I’m not anything close to rich, but fortunately, I manage to make an income adequate for my family’s needs, and don’t have any children who need to go to camp or college.

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Offbeat
5:09 pm
Mon April 18, 2011

Airport in Sturgis, Michigan flooded by callers seeking tax advice

Search for IRS in Google Maps and you find the airport in Sturgis, Michigan.
Google Maps

Don't have the phone number? Just Google it.

That modern day phenomenon led callers seeking information from the Internal Revenue Service to accidentally dial a small airport in Sturgis, Michigan.

The FAA airport code for Kirsch Municipal Airport in Sturgis is "IRS."

If you type in a search for IRS on Google Maps, you'll get the airport's phone number.

Andrian Chen wrote about the mix-up on Gawker.com:

"The phone calls started two months ago, and it was just a trickle at first. Since then it's grown to a deluge of "20 to 50 calls a day" from people with tax questions, according to a weary-sounding office manager named Becky who took the time to talk to us this afternoon...

The calls haven't been a huge issue, Becky says, but she's getting sick of them. "It's just irritating," she said. "Most of them calling aren't the most intelligent, calling us at 7pm on the weekends. And it's like, do you seriously think the IRS is going to answer their phone at 7 on a Sunday?"

Becky will be glad when tax day ends at midnight tonight.

She may, or may not know, that if you need to file an extension, form 4868 is the paperwork you seek.

State Legislature
7:44 am
Wed April 13, 2011

Snyder, Republican leaders come to a tax deal

Governor Rick Snyder and Republican leaders in the state House and Senate have come to a tentative tax deal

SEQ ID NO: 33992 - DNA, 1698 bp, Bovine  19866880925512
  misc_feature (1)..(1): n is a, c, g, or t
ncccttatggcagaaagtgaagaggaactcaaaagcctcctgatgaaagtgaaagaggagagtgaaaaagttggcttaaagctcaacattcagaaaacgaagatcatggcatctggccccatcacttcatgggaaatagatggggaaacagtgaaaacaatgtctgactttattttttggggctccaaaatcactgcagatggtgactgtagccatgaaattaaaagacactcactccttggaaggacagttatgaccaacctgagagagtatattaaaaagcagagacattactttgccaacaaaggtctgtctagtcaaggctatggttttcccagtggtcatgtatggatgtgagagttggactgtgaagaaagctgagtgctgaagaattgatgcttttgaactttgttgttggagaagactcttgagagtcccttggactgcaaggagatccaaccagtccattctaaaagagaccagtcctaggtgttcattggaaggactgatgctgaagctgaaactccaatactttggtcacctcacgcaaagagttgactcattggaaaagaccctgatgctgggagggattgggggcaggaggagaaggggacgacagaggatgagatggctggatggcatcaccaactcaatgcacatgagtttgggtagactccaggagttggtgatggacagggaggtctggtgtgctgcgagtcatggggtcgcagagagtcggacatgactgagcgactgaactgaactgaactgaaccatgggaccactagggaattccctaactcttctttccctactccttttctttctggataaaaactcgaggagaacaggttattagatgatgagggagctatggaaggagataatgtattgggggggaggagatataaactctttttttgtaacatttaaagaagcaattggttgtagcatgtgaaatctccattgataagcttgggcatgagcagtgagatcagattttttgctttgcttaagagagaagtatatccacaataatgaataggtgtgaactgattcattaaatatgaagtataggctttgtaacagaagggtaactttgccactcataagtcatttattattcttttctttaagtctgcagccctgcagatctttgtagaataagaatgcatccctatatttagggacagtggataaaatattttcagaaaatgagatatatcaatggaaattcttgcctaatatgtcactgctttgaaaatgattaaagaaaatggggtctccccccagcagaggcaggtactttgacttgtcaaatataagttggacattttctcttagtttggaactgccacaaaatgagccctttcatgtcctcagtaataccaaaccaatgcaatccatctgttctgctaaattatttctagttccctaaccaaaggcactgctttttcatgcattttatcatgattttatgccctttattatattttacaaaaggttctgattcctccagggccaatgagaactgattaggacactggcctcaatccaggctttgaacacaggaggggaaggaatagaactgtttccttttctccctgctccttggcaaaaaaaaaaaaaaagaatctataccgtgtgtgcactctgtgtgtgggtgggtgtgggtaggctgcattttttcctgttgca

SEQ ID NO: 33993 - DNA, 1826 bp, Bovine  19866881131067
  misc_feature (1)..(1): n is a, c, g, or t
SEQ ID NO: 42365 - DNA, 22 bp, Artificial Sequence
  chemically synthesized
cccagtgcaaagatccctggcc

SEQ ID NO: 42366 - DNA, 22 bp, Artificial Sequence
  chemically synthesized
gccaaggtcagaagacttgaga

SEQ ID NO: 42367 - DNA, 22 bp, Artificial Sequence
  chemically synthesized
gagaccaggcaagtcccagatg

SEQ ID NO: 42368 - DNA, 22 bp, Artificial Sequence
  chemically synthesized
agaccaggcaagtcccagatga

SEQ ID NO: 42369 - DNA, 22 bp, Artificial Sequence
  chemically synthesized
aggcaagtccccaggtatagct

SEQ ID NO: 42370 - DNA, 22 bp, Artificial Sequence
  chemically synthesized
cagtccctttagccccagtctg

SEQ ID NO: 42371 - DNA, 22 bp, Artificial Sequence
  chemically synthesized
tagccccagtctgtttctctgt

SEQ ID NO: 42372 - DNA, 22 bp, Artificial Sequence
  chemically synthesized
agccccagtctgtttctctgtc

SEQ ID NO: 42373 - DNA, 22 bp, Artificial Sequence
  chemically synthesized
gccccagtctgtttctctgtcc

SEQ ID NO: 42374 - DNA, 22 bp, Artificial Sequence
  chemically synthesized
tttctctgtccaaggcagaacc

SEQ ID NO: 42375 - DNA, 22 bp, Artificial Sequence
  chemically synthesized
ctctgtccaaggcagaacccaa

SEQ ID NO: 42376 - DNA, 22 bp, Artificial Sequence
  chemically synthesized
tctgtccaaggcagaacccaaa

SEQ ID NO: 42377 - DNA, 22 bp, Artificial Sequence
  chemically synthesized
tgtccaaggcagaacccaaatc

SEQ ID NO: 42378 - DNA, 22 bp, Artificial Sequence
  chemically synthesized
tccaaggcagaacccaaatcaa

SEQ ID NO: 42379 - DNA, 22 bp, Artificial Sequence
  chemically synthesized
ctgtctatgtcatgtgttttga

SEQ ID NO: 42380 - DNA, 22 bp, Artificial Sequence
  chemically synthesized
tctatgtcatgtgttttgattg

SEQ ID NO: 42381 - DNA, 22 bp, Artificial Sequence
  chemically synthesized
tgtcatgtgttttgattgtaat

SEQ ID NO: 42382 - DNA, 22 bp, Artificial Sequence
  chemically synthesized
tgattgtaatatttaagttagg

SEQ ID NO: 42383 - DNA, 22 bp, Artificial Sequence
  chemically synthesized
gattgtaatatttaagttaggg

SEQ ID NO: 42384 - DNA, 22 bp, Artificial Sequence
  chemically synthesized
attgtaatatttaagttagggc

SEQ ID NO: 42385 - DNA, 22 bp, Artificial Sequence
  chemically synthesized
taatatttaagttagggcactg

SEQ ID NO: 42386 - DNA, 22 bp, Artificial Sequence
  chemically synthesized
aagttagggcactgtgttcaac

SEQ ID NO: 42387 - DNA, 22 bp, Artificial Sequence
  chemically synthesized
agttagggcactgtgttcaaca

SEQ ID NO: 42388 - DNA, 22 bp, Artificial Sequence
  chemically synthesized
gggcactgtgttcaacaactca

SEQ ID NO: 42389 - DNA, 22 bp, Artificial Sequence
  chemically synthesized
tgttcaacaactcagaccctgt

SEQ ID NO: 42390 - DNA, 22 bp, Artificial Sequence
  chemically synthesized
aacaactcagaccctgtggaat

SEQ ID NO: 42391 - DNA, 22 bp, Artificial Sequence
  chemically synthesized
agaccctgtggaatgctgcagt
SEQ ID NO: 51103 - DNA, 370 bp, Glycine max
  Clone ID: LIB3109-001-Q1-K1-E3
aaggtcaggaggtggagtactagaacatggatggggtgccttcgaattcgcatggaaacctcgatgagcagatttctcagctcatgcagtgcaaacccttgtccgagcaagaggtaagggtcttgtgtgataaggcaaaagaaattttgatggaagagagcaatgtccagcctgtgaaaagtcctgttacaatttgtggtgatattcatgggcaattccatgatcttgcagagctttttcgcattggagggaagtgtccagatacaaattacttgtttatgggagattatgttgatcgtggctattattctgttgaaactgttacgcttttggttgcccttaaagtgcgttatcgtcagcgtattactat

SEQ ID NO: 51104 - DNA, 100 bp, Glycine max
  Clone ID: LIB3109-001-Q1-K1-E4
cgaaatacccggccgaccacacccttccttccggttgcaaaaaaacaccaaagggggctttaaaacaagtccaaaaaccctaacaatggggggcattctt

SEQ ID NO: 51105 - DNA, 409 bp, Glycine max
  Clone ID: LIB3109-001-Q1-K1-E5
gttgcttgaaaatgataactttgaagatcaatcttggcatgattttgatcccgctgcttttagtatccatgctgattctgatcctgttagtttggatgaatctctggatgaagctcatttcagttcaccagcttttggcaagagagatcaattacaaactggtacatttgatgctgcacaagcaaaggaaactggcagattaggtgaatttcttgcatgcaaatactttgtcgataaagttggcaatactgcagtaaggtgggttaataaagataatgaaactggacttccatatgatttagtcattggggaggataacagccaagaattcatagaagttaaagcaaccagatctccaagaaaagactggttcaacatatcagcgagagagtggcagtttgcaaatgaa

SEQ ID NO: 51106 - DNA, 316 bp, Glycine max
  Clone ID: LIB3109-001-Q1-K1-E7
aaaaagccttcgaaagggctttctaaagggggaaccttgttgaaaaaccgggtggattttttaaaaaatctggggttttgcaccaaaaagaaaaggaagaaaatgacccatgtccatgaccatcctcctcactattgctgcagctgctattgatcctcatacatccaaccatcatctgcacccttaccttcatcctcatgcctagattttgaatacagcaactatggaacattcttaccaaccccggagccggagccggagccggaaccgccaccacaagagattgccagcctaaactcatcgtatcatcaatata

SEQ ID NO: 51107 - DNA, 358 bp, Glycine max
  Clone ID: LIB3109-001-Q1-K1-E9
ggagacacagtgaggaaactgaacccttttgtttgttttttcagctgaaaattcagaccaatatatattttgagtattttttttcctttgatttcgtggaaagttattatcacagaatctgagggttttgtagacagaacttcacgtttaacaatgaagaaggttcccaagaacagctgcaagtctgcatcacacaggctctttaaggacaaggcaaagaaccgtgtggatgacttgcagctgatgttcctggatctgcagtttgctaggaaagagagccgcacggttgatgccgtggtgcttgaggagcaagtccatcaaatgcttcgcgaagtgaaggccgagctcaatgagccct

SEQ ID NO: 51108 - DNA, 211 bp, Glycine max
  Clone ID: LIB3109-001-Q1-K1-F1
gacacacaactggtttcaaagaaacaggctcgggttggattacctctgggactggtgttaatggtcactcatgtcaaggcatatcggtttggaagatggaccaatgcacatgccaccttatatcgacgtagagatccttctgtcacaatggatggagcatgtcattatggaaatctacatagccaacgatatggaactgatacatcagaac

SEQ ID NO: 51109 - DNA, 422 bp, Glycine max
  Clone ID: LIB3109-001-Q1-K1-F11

Ifmuth Flickr

Governor Rick Snyder and Republican leaders in the Legislature have struck a tentative bargain on tax reform and the state budget. The plan delays an October 1st income tax rollback and includes a compromise on taxing pensions.

Michigan is one of just a handful of states that does not tax pensions. The deal between Governor Snyder and GOP leaders would shield people 67 years old and older from a pension tax. The governor originally wanted to tax all pensions, but he says compromises were necessary. Governor Snyder:

“So it’s a transitional plan that I think addresses the shorter-term requirements while being structurally sound for the long term.”

The plan also calls for scrapping the complicated and unpopular Michigan Business Tax in favor of a corporate income tax. That’s part of an overall tax cut for most businesses to spur job creation.

The plan would eliminate the tax break for working poor families, but offer some new tax relief for low-income homeowners and renters.

The plan must still be approved by the House and the Senate.

Politics
4:57 pm
Mon April 11, 2011

Can the state tax medical marijuana?

(photo by Steve Carmody/Michigan Radio)